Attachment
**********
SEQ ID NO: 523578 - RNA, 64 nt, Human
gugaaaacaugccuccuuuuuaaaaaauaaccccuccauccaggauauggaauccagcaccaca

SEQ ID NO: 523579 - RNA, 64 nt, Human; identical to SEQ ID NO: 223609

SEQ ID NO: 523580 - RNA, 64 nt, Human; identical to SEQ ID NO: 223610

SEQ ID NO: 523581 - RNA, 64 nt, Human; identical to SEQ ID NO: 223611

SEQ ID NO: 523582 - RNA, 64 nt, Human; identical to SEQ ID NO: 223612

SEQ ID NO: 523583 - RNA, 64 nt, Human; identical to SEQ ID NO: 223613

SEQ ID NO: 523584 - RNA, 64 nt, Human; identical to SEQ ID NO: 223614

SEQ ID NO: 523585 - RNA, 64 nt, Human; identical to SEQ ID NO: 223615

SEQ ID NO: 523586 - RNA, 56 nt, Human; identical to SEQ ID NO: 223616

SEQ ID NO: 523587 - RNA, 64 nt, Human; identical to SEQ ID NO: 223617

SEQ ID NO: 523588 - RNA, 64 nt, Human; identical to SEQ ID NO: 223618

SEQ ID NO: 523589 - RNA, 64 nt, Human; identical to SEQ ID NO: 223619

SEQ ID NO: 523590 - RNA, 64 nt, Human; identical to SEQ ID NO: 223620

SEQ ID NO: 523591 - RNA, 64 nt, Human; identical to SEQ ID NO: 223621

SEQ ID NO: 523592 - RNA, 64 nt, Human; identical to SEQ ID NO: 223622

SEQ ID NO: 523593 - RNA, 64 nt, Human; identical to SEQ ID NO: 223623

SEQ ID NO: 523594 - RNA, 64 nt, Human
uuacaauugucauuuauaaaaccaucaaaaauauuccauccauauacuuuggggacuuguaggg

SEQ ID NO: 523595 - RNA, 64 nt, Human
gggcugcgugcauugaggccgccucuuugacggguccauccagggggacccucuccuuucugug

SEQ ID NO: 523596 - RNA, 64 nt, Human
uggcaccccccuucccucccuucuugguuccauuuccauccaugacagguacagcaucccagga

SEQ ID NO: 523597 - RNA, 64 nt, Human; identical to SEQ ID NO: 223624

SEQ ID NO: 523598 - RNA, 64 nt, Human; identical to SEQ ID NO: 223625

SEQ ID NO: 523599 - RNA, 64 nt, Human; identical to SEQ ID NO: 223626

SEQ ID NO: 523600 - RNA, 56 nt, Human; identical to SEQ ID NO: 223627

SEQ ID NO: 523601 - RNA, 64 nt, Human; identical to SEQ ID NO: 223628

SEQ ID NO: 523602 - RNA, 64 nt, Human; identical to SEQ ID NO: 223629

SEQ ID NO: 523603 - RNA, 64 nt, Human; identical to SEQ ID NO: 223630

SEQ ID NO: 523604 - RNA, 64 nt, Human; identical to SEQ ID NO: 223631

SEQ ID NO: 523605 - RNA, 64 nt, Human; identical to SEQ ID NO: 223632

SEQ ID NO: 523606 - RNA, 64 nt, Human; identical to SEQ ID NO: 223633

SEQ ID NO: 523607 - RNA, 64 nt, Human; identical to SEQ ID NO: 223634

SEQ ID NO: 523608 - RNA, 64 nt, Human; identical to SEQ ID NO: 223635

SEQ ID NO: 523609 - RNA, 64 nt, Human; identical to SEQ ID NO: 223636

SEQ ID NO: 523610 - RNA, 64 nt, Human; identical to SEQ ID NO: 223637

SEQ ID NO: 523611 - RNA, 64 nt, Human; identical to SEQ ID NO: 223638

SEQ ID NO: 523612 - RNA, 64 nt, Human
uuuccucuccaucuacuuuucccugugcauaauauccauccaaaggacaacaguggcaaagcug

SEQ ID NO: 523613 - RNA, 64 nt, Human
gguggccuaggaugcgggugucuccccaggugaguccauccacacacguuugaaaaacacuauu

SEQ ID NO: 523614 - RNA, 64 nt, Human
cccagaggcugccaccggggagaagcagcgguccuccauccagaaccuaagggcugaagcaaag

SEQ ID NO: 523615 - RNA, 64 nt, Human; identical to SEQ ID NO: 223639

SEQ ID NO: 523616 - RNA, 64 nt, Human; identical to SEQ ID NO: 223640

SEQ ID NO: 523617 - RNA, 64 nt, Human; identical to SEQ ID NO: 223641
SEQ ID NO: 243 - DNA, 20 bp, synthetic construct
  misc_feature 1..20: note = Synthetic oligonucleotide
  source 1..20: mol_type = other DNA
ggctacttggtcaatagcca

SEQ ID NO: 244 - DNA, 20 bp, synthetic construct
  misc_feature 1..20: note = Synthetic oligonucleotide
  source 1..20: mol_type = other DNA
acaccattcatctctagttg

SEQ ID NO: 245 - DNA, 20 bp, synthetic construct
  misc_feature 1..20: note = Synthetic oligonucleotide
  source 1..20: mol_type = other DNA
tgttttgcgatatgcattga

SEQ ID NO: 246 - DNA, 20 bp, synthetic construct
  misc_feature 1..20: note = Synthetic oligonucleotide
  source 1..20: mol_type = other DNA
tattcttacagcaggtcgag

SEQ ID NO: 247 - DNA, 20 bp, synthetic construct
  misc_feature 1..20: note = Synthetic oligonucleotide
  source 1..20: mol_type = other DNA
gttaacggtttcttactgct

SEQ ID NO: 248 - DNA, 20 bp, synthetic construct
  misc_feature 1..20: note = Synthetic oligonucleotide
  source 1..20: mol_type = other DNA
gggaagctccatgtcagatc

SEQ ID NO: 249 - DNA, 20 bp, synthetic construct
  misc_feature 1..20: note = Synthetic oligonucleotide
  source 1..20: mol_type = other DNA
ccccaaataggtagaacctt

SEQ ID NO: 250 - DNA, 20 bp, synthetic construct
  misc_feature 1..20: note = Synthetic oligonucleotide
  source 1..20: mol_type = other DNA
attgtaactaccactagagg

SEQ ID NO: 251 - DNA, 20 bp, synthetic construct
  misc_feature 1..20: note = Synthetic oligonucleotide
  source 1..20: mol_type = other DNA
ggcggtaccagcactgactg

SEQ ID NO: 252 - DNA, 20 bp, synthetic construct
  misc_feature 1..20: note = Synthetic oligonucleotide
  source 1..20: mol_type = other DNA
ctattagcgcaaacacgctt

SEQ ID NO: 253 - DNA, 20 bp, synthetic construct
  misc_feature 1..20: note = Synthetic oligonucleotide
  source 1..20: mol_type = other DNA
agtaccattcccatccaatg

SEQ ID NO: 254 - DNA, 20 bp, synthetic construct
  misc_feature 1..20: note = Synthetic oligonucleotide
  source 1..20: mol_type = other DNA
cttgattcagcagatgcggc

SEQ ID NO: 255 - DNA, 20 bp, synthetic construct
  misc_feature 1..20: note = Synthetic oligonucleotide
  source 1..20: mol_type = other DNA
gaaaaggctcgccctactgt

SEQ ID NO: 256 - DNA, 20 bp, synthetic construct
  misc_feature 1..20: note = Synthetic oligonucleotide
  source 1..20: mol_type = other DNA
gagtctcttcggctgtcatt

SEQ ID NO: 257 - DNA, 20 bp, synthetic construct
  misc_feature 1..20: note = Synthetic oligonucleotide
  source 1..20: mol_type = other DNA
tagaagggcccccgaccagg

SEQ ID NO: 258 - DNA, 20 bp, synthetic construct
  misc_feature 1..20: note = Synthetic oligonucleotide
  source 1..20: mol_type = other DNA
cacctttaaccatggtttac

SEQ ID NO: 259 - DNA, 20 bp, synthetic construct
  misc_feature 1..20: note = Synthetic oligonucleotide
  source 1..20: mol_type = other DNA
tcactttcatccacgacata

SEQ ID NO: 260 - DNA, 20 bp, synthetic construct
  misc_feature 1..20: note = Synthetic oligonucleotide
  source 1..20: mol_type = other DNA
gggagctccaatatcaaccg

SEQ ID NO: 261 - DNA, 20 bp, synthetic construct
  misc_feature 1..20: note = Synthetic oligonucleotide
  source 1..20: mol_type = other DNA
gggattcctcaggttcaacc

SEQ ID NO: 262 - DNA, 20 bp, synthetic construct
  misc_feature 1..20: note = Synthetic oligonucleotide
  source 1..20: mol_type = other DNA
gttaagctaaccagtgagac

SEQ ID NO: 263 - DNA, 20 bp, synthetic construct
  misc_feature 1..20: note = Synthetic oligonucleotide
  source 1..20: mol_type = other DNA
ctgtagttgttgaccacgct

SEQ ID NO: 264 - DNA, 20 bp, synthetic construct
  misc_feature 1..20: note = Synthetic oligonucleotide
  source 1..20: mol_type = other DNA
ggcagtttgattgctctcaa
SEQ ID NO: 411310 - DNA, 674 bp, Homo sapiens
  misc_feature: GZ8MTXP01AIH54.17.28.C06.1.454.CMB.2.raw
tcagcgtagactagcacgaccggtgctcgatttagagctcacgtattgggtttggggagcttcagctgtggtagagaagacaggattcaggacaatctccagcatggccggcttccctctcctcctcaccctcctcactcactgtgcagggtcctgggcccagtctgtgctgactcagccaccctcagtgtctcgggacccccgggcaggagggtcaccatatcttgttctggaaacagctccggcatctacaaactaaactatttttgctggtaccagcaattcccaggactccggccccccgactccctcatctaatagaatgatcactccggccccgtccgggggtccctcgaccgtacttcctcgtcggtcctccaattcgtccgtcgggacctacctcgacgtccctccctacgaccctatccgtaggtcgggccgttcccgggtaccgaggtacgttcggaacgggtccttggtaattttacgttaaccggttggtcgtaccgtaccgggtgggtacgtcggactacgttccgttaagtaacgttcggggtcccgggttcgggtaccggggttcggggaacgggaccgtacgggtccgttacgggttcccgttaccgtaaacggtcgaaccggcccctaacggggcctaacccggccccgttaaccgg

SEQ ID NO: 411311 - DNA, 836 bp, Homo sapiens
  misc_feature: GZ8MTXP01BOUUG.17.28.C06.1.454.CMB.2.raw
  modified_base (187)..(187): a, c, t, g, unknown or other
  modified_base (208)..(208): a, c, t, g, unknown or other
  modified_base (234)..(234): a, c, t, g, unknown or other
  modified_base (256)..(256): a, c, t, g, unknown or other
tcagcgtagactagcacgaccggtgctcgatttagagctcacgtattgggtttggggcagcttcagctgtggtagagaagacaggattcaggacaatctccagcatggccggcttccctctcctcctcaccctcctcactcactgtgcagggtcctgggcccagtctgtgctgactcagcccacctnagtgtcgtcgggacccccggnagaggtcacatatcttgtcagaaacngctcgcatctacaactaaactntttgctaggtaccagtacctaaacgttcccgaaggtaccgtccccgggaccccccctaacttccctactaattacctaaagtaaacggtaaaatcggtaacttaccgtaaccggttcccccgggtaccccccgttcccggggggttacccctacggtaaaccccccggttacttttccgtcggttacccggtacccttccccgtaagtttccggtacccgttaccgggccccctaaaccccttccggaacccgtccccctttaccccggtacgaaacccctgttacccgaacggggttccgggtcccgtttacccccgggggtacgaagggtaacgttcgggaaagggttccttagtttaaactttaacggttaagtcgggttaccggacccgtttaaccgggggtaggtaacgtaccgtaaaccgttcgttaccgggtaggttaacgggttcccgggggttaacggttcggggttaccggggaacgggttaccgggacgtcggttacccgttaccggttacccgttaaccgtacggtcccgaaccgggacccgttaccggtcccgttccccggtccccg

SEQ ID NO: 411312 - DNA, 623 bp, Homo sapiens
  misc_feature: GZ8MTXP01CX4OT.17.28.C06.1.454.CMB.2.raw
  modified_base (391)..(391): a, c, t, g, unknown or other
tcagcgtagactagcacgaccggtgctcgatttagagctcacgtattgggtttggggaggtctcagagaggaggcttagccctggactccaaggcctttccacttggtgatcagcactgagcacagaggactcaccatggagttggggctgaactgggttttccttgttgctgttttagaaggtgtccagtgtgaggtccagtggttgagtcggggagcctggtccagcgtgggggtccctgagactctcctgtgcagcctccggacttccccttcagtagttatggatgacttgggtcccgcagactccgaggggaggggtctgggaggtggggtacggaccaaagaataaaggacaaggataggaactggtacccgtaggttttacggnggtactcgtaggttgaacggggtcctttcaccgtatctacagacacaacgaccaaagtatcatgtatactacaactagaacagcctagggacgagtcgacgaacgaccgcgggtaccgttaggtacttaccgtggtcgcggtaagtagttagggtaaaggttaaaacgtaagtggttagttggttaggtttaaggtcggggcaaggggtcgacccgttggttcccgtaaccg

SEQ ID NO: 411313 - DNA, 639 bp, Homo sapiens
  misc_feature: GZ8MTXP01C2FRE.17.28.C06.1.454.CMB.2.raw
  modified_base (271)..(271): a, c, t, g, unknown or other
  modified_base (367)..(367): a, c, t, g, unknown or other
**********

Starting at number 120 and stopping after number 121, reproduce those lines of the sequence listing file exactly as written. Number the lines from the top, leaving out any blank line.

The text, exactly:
SEQ ID NO: 261 - DNA, 20 bp, synthetic construct
  misc_feature 1..20: note = Synthetic oligonucleotide